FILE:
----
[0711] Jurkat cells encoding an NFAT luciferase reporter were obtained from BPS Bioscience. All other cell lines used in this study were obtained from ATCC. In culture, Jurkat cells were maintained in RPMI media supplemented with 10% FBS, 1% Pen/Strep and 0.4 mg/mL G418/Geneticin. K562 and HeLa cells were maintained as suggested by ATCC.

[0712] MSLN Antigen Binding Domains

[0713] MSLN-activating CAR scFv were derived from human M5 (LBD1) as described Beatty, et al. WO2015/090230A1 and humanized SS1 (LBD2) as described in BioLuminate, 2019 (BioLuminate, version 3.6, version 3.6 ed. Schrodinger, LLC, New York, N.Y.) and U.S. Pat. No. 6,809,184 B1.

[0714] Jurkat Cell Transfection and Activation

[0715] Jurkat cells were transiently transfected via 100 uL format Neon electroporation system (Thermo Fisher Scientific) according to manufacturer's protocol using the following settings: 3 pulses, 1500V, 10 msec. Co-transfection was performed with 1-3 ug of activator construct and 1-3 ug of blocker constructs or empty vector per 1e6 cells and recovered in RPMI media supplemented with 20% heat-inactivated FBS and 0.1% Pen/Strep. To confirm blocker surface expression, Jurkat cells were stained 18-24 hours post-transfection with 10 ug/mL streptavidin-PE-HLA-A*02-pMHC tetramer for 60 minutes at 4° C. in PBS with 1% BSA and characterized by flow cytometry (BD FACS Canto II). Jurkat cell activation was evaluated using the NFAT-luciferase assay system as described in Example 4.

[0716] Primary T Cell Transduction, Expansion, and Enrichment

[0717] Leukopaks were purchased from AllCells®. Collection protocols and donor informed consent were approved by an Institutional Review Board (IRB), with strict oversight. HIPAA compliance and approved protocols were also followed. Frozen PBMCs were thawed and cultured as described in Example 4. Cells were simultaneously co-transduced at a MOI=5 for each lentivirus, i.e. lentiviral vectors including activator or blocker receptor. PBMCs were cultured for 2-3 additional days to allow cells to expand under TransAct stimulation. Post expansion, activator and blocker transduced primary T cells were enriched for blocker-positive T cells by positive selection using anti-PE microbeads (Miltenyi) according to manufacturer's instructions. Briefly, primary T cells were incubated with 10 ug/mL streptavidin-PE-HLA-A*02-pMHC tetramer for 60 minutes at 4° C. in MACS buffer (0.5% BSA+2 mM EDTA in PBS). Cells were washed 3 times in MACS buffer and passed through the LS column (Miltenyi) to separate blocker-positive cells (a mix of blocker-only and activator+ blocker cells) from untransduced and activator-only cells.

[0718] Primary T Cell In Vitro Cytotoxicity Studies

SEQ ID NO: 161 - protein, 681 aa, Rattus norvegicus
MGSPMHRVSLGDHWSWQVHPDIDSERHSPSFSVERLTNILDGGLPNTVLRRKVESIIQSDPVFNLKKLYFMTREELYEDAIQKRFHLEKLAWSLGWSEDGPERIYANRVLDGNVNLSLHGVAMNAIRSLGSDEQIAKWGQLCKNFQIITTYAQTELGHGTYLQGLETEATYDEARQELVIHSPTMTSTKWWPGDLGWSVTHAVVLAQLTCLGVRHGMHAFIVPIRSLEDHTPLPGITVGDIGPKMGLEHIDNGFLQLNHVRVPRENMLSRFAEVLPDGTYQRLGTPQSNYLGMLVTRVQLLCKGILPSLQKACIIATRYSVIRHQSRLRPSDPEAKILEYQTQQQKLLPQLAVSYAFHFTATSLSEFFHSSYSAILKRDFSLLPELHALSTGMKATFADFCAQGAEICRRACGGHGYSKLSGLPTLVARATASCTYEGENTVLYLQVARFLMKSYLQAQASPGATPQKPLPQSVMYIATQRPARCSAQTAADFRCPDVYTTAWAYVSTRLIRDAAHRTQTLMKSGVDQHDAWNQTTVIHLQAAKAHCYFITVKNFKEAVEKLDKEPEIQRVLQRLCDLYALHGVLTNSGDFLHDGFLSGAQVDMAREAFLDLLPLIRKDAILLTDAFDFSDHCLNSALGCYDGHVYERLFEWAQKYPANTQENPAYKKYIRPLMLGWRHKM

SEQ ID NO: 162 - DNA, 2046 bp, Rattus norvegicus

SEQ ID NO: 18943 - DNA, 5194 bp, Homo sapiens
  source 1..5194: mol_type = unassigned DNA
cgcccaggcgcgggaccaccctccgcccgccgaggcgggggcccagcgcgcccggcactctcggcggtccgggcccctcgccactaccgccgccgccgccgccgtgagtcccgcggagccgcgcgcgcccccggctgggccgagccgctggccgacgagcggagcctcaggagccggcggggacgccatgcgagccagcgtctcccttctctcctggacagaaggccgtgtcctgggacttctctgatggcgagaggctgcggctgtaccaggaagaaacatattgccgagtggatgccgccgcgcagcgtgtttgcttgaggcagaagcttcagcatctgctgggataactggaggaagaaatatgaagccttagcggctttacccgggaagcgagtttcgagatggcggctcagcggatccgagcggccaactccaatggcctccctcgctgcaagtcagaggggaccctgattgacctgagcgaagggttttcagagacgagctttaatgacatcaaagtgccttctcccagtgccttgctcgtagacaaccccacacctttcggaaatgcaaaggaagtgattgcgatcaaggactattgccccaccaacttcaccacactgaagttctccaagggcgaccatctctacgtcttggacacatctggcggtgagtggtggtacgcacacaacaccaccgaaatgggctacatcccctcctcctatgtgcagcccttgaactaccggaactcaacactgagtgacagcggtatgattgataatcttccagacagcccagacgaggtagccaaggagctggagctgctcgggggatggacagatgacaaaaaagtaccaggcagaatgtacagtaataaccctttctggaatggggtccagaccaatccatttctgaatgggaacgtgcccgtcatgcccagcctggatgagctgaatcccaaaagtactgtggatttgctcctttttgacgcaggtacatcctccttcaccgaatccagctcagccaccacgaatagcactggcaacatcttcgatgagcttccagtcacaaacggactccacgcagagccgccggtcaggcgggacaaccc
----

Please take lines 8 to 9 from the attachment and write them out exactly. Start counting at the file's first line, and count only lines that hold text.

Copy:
[0718] Primary T Cell In Vitro Cytotoxicity Studies

SEQ ID NO: 161 - protein, 681 aa, Rattus norvegicus